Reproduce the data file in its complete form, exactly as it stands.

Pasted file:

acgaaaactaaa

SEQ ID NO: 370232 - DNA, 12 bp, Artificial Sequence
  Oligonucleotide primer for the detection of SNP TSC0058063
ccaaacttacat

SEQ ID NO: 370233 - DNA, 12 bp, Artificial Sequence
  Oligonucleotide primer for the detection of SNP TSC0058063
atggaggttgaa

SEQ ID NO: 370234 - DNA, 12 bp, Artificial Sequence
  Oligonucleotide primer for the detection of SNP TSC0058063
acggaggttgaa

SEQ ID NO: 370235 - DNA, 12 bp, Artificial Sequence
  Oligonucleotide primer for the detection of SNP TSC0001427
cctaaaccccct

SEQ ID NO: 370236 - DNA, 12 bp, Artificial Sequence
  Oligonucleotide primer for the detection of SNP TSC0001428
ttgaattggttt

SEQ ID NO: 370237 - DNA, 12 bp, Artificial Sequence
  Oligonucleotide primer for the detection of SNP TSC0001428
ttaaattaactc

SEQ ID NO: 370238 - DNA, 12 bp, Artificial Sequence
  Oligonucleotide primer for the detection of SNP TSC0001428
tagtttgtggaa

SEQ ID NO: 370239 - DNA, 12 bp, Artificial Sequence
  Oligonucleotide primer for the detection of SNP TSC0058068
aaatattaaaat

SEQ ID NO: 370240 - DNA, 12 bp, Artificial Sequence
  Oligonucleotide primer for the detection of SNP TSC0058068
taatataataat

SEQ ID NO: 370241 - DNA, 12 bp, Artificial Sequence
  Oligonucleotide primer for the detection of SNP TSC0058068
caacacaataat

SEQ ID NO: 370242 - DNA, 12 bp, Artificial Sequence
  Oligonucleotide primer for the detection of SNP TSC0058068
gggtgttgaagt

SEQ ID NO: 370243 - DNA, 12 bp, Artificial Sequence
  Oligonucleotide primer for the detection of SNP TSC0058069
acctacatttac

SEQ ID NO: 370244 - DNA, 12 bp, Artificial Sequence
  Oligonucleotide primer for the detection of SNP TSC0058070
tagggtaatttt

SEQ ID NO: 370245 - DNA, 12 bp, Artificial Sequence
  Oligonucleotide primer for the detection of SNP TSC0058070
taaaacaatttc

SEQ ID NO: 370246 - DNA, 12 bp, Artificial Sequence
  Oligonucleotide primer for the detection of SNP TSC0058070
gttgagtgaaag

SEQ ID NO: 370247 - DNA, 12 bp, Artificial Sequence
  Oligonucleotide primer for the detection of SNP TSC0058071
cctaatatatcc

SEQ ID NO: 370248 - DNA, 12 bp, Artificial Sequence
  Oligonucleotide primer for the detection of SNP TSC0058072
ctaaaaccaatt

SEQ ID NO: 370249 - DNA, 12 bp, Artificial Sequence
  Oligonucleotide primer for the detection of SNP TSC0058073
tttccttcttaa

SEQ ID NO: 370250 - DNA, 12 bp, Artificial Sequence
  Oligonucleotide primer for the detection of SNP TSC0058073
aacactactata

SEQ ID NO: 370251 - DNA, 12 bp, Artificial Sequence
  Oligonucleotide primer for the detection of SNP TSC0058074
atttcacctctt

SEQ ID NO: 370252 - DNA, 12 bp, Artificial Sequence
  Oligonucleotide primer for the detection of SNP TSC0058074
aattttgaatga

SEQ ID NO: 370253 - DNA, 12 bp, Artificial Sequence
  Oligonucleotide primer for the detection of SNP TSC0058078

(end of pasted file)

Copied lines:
acgaaaactaaa

SEQ ID NO: 370232 - DNA, 12 bp, Artificial Sequence
  Oligonucleotide primer for the detection of SNP TSC0058063
ccaaacttacat

SEQ ID NO: 370233 - DNA, 12 bp, Artificial Sequence
  Oligonucleotide primer for the detection of SNP TSC0058063
atggaggttgaa

SEQ ID NO: 370234 - DNA, 12 bp, Artificial Sequence
  Oligonucleotide primer for the detection of SNP TSC0058063
acggaggttgaa

SEQ ID NO: 370235 - DNA, 12 bp, Artificial Sequence
  Oligonucleotide primer for the detection of SNP TSC0001427
cctaaaccccct

SEQ ID NO: 370236 - DNA, 12 bp, Artificial Sequence
  Oligonucleotide primer for the detection of SNP TSC0001428
ttgaattggttt

SEQ ID NO: 370237 - DNA, 12 bp, Artificial Sequence
  Oligonucleotide primer for the detection of SNP TSC0001428
ttaaattaactc

SEQ ID NO: 370238 - DNA, 12 bp, Artificial Sequence
  Oligonucleotide primer for the detection of SNP TSC0001428
tagtttgtggaa

SEQ ID NO: 370239 - DNA, 12 bp, Artificial Sequence
  Oligonucleotide primer for the detection of SNP TSC0058068
aaatattaaaat

SEQ ID NO: 370240 - DNA, 12 bp, Artificial Sequence
  Oligonucleotide primer for the detection of SNP TSC0058068
taatataataat

SEQ ID NO: 370241 - DNA, 12 bp, Artificial Sequence
  Oligonucleotide primer for the detection of SNP TSC0058068
caacacaataat

SEQ ID NO: 370242 - DNA, 12 bp, Artificial Sequence
  Oligonucleotide primer for the detection of SNP TSC0058068
gggtgttgaagt

SEQ ID NO: 370243 - DNA, 12 bp, Artificial Sequence
  Oligonucleotide primer for the detection of SNP TSC0058069
acctacatttac

SEQ ID NO: 370244 - DNA, 12 bp, Artificial Sequence
  Oligonucleotide primer for the detection of SNP TSC0058070
tagggtaatttt

SEQ ID NO: 370245 - DNA, 12 bp, Artificial Sequence
  Oligonucleotide primer for the detection of SNP TSC0058070
taaaacaatttc

SEQ ID NO: 370246 - DNA, 12 bp, Artificial Sequence
  Oligonucleotide primer for the detection of SNP TSC0058070
gttgagtgaaag

SEQ ID NO: 370247 - DNA, 12 bp, Artificial Sequence
  Oligonucleotide primer for the detection of SNP TSC0058071
cctaatatatcc

SEQ ID NO: 370248 - DNA, 12 bp, Artificial Sequence
  Oligonucleotide primer for the detection of SNP TSC0058072
ctaaaaccaatt

SEQ ID NO: 370249 - DNA, 12 bp, Artificial Sequence
  Oligonucleotide primer for the detection of SNP TSC0058073
tttccttcttaa

SEQ ID NO: 370250 - DNA, 12 bp, Artificial Sequence
  Oligonucleotide primer for the detection of SNP TSC0058073
aacactactata

SEQ ID NO: 370251 - DNA, 12 bp, Artificial Sequence
  Oligonucleotide primer for the detection of SNP TSC0058074
atttcacctctt

SEQ ID NO: 370252 - DNA, 12 bp, Artificial Sequence
  Oligonucleotide primer for the detection of SNP TSC0058074
aattttgaatga

SEQ ID NO: 370253 - DNA, 12 bp, Artificial Sequence
  Oligonucleotide primer for the detection of SNP TSC0058078